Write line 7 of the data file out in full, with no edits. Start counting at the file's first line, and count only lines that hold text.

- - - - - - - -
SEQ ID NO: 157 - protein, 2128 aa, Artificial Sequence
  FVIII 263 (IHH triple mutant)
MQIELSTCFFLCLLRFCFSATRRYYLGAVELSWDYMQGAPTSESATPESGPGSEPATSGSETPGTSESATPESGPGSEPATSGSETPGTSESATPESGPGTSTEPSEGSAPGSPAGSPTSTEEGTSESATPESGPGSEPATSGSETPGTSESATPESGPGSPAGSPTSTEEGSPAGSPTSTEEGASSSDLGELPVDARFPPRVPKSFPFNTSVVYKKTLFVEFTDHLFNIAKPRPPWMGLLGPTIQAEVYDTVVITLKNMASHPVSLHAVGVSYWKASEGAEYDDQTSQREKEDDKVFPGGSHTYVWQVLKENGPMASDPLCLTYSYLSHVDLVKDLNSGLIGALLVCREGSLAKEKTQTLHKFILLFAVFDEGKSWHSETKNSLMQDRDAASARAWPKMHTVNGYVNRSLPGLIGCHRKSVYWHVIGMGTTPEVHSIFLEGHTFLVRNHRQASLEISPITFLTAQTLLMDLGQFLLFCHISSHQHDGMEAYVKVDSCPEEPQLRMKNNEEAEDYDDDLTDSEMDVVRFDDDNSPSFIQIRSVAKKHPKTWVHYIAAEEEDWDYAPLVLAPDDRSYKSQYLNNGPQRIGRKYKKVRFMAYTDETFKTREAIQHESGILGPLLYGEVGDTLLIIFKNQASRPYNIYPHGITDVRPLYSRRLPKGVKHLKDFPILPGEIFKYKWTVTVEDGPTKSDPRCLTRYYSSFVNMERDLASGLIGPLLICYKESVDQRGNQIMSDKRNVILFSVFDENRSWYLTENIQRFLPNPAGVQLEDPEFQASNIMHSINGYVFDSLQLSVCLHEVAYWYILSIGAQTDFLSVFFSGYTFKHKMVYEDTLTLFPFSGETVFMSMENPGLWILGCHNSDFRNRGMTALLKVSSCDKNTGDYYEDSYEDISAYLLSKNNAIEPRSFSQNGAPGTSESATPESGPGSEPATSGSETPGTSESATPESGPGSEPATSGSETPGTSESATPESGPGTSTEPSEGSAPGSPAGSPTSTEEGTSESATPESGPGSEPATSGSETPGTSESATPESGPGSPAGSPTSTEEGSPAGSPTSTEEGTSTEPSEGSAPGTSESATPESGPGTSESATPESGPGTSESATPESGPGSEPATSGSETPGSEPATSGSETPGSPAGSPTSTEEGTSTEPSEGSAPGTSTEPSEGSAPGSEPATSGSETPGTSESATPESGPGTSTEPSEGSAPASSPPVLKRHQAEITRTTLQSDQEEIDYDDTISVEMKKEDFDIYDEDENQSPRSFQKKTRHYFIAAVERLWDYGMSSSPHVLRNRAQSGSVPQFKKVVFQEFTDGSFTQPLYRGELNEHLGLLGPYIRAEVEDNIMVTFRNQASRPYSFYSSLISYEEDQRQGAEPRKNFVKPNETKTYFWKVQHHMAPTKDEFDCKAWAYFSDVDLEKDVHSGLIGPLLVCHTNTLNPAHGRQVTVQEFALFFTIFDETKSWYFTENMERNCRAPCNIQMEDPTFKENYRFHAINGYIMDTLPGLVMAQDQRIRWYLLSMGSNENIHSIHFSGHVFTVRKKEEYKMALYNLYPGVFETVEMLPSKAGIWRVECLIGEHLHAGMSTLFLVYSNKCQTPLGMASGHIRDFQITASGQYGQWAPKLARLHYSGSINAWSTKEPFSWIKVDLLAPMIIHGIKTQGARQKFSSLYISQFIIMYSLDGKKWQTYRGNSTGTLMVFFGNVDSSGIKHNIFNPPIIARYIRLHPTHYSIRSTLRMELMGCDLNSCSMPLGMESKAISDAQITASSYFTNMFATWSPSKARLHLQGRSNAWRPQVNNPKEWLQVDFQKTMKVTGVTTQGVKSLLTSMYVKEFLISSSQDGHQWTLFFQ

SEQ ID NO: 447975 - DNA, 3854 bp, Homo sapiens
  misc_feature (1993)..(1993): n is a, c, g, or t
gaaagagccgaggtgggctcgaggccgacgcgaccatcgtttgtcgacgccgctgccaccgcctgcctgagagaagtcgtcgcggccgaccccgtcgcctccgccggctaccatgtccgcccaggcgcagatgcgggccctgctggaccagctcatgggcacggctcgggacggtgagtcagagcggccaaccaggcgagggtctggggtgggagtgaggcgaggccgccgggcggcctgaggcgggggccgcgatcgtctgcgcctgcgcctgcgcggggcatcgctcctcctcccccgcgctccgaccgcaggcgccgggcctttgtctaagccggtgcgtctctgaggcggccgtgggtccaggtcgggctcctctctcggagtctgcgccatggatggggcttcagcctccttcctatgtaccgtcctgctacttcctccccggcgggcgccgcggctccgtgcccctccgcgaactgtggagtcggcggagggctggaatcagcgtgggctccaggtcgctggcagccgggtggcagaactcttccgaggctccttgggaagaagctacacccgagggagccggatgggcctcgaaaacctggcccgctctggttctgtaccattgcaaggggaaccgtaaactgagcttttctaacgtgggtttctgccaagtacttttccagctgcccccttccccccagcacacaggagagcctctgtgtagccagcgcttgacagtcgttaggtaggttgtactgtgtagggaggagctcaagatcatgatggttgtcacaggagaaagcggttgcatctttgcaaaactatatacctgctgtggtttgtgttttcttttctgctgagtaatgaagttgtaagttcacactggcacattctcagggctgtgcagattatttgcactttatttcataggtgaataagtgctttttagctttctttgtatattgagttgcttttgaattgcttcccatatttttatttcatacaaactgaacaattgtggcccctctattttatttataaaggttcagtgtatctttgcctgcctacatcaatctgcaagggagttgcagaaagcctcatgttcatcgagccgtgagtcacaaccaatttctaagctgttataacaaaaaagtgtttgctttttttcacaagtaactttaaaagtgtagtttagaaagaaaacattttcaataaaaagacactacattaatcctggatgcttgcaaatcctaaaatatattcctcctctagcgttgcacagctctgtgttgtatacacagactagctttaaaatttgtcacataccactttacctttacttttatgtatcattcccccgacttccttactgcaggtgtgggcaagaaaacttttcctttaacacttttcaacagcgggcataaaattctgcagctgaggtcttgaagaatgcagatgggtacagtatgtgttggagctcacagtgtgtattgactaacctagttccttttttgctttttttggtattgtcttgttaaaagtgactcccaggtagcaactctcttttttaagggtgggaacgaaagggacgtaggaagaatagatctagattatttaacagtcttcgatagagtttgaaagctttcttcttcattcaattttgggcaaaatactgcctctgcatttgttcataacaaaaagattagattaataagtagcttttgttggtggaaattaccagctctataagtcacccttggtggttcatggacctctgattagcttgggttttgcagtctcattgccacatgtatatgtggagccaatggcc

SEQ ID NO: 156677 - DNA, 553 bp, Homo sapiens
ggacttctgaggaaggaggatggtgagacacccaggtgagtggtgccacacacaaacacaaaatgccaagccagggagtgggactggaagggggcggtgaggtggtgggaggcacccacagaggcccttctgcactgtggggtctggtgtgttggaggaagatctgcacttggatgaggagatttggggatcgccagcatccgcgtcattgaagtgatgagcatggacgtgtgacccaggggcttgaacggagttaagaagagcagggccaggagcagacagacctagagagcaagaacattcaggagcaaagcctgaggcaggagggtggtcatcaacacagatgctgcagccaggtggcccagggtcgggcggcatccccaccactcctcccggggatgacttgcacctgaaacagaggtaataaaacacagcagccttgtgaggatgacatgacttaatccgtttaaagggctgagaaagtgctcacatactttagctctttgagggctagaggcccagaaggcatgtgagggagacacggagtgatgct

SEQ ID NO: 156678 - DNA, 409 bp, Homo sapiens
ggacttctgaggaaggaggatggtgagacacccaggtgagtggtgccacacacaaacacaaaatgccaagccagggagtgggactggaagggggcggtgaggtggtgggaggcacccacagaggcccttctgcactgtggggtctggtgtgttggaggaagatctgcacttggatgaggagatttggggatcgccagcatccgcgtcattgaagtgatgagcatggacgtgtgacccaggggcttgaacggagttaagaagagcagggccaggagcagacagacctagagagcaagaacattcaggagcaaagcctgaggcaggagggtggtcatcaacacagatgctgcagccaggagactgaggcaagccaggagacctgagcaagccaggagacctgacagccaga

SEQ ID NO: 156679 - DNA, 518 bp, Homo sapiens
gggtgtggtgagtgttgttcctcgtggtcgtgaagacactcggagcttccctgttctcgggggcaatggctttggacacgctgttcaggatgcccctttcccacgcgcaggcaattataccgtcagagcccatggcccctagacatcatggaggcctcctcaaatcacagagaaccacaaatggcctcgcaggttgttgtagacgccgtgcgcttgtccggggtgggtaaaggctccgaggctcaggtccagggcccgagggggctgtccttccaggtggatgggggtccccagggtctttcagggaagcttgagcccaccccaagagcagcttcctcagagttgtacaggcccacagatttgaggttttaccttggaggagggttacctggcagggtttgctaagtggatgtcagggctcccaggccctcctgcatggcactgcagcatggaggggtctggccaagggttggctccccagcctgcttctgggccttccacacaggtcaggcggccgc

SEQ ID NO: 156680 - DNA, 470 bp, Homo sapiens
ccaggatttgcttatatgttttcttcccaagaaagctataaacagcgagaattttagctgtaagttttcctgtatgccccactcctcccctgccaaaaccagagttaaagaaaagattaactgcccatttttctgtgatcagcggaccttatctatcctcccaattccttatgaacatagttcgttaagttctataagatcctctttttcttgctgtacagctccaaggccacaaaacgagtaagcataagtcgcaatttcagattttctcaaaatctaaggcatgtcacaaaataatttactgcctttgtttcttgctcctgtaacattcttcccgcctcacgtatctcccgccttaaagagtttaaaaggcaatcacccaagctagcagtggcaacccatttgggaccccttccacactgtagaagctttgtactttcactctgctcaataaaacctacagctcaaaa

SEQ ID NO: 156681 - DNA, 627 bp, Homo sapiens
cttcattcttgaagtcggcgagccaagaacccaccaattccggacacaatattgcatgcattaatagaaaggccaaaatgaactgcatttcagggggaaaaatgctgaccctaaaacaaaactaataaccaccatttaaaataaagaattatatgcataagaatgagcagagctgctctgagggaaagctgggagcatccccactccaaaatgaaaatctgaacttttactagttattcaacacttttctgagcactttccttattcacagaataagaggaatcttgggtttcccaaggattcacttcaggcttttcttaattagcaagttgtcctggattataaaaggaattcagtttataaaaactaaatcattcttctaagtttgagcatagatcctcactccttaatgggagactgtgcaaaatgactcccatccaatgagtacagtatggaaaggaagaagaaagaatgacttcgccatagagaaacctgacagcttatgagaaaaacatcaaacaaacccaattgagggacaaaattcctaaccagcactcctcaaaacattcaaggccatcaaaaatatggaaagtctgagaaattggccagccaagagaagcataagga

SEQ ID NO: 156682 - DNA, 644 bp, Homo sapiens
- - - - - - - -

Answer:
SEQ ID NO: 156677 - DNA, 553 bp, Homo sapiens